I am trying to understand the Scott Topology. I am looking at the page here: http://planetmath.org/scotttopology and for the definition of "upper set": http://planetmath.org/node/37801

I am having a difficult time coming up with a working example (with actual elements of a set) to see how these "Scott open sets" work.

In starting: Let P be a directed complete partially ordered set. A subset $U$ of $P$ is said to be "Scott open" if it satisfies the following two conditions:

  1. U is an upper set: $\uparrow U= U$
  2. if D is a directed set with $\bigvee D \in U$, then there is a $y \in D$ such that $(\uparrow y) \cap D \subseteq U$.

I am trying to figure this out with an example by letting $P = \mathbb{Z}_7 = \{0,1,2,3,4,5,6\}$ and $U = \{5,6\}$, as if I am correct with the calculations (could someone please let me know) we would have to have that $\uparrow U = U$ as 5 and 6 are the only elements $p \in P$ such that $p \leq x \in U$and thus the first condition above would be satisfied.

I am now stuck. I see that we can find the supremum which is the join of the sets of D - I don't understand what D is supposed to be, both in an example that works with the above - or what the point is of finding the join in the first place and so on and so forth (why we are needing the intersection of $\bigvee \cap \uparrow \{y\}$ to be a subset of U), why this is all important.

If someone could help me verify that I am going about finding $\uparrow U$ and if my calculations are correct, and perhaps some values for D, it would be much appreciated.

thank you,



The idea of domain representation is that the elements of a dcpo $P$ can be viewed as approximations to the maximal elements of $P$, which we view as "complete" points rather than just approximations. The Scott topology is put on the entire poset $P$, so we can not only say what it means for a sequence of approximations to converge to a maximal point, we can say what it means for a sequence of approximations to converge to another approximation.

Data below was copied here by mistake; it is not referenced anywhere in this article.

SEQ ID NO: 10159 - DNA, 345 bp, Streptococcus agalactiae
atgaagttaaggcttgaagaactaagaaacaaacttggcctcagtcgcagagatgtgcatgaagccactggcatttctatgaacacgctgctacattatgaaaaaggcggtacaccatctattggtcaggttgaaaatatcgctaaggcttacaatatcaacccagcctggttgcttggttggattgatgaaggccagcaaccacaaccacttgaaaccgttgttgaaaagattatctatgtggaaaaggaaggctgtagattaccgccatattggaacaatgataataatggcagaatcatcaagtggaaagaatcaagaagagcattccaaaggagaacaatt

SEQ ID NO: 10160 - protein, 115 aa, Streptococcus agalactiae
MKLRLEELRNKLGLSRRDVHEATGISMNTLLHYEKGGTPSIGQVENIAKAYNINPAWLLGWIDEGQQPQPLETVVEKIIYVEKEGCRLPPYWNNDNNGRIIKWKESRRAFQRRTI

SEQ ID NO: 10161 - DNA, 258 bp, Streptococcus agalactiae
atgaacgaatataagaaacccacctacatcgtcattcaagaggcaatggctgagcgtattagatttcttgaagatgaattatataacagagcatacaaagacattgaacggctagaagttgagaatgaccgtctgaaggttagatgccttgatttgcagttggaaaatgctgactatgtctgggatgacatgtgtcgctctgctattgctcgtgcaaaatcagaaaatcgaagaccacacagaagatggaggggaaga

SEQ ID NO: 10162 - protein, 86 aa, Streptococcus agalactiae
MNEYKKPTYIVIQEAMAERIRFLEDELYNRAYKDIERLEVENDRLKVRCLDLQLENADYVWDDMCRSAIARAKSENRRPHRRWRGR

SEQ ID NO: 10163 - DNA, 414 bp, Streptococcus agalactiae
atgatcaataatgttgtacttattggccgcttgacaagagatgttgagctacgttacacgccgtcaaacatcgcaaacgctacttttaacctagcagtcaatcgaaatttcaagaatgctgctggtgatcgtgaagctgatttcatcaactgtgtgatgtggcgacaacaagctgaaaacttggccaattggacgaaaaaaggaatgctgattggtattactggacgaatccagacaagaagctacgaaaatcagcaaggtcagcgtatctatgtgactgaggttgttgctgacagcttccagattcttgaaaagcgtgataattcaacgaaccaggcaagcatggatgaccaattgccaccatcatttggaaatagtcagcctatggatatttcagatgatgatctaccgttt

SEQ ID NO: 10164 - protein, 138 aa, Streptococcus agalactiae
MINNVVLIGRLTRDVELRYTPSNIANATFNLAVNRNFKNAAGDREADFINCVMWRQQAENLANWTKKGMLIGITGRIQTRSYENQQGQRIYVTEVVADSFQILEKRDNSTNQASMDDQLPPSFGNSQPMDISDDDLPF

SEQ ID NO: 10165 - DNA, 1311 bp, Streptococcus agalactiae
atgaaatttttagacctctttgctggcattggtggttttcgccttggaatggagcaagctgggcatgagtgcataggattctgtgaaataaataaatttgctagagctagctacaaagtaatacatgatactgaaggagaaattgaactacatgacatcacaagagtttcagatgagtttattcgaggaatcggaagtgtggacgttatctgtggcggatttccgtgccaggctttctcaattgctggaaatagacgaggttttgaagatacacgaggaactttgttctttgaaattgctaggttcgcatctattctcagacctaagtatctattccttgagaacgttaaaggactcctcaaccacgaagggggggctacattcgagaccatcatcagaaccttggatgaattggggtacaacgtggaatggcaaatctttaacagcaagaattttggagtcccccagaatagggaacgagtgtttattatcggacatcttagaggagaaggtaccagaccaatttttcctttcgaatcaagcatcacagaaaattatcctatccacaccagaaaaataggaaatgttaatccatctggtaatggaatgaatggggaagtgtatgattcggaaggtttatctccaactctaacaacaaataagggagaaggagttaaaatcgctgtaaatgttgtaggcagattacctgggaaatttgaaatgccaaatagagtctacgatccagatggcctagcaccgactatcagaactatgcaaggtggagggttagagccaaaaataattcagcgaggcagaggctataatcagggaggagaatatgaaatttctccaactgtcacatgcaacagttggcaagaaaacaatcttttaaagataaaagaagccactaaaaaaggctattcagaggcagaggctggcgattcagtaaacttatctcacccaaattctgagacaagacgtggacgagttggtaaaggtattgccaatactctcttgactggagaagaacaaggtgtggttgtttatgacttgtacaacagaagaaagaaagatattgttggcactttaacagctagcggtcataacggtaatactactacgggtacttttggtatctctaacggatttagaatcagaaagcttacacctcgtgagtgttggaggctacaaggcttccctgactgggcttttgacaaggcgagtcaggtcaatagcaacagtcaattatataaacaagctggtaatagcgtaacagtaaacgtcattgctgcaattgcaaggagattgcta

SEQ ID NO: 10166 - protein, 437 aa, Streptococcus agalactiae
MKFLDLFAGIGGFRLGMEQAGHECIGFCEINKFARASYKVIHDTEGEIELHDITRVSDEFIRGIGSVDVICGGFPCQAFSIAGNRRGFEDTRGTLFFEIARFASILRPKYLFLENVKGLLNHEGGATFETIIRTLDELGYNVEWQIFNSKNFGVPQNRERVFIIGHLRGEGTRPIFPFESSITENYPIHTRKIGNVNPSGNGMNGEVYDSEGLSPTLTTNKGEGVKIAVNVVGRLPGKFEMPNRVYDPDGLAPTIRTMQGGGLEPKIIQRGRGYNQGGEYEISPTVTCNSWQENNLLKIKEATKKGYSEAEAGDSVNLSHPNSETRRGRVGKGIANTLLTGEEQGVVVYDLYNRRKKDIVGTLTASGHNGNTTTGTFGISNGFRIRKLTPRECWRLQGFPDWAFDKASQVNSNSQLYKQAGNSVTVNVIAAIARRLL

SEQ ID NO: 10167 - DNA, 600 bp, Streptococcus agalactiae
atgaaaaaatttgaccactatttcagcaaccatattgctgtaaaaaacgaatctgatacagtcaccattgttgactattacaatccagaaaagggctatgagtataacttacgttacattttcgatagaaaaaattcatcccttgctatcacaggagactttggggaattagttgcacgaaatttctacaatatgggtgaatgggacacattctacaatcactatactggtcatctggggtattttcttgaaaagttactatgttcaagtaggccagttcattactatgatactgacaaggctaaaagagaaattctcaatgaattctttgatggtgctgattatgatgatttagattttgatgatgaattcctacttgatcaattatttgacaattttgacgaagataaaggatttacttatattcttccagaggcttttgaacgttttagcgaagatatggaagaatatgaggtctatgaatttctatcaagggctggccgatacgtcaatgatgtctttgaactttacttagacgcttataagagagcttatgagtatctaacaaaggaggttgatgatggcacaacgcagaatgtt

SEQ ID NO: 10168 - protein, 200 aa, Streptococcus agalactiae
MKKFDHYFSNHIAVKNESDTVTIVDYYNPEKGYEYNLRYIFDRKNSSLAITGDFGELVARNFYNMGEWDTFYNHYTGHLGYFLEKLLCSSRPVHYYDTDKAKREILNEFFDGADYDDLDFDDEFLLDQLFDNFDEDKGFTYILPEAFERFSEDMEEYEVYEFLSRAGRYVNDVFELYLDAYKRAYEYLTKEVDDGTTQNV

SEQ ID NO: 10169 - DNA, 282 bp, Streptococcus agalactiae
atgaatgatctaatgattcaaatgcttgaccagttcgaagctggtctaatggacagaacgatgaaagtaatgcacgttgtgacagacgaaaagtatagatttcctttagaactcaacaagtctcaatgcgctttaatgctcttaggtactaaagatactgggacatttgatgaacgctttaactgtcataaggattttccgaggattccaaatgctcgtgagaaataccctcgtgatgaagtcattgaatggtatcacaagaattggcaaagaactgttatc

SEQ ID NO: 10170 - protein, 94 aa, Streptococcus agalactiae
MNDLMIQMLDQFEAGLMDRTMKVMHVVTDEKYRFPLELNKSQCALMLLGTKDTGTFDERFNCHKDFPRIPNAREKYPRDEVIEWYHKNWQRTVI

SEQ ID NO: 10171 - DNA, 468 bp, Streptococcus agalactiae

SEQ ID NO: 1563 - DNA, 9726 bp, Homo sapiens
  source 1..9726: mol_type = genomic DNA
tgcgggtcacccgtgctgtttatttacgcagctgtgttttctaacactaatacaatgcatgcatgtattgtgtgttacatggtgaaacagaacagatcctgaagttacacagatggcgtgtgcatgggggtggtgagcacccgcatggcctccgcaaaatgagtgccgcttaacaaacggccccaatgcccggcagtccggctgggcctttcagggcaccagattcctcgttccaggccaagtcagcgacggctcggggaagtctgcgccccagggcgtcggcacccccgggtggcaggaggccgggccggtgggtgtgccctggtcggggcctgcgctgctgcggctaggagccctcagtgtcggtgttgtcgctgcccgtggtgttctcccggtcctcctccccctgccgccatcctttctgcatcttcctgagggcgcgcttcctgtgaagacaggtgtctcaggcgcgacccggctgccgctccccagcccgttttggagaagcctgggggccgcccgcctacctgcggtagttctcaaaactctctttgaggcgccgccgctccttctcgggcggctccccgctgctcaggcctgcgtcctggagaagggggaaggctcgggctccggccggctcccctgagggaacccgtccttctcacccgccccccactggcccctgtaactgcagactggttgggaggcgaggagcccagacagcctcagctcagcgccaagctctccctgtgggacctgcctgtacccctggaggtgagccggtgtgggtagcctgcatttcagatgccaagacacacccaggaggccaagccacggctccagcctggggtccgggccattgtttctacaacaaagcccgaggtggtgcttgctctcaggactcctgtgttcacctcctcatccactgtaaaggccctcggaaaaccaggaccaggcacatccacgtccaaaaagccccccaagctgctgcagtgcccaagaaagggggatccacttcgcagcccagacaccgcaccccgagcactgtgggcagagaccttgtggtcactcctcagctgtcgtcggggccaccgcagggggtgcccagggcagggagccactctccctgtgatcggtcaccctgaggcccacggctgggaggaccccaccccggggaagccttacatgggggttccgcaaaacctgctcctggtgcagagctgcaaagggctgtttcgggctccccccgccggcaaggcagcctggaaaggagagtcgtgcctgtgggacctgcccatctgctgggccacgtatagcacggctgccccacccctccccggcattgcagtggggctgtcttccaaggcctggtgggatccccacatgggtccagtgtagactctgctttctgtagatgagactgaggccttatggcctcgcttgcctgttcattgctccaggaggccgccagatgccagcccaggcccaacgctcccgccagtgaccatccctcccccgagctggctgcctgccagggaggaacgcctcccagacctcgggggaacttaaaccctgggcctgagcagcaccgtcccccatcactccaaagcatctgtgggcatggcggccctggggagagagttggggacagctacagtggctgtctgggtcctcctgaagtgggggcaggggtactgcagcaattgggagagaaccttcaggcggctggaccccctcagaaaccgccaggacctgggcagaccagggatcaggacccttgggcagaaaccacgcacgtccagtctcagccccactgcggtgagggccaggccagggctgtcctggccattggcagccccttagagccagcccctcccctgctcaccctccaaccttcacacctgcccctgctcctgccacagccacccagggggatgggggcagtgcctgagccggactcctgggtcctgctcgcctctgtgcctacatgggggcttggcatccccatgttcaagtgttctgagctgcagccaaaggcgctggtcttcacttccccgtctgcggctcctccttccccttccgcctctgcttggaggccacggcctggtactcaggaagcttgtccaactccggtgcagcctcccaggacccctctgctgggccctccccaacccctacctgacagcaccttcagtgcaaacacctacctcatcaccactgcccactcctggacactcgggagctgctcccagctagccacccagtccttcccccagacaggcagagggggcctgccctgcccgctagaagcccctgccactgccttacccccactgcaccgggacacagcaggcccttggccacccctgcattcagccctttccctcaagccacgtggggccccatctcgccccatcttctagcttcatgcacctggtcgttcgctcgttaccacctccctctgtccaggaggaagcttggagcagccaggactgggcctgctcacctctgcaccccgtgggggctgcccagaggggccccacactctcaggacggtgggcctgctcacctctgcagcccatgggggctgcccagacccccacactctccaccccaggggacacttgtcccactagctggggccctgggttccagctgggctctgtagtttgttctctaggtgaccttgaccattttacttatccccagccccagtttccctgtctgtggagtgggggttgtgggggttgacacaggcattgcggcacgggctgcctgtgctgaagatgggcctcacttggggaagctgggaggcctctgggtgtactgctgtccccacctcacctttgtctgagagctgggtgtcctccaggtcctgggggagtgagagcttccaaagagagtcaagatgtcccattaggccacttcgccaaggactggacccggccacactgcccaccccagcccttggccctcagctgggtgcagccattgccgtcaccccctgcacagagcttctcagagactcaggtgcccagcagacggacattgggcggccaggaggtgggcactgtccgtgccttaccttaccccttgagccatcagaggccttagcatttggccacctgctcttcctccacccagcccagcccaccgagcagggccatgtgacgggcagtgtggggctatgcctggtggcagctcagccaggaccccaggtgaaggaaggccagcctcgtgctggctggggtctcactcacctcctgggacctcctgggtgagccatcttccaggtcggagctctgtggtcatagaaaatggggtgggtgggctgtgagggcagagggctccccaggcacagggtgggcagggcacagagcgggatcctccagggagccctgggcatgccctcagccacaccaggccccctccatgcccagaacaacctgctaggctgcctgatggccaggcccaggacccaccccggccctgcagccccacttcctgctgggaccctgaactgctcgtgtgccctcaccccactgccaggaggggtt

The classical example lets $P$ be the poset of nonempty closed intervals of $\mathbb{R}$, ordered by reverse inclusion. In fact $P$ is a dcpo whose maximal elements are one-point closed intervals. The Scott topology, when restricted to the maximal elements, will give a space homeomorphic to $\mathbb{R}$ with its standard topology.

A directed set "converges" to its supremum, which is its join. Recall that, for $p, q \in P$, $p$ is way below $q$, written $p \ll q$, if every directed set that converges to $q$ must go above $p$: if $\sup D = q$ there is an $r \in D$ with $p \leq r$.

In my example $P$, $[1,2] \leq [1,1]$, but $[1,2]$ is not way below $[1,1])$, because there is a sequence of open intervals that converges to $[1,1]$ without ever being above $[1,2]$, namely $[1 - 1/n,1]$. So $[1,2]$ is some sort of approximation to $[1,1]$, but not a good one.

The set of $a$ such that the interval $[a,a]$ is way above $[1,2]$ is exactly the set of $a$ in the open interval $(1,2)$. These are the points for which $[1,2]$ is a good approximation, in the sense that any directed set that converges to one of these points has to actually refine the approximation $[1,2]$. Notice that although $[1,2]$ is a closed interval, it determines an open-in-$\mathbb{R}$ set of maximal elements that are way above it.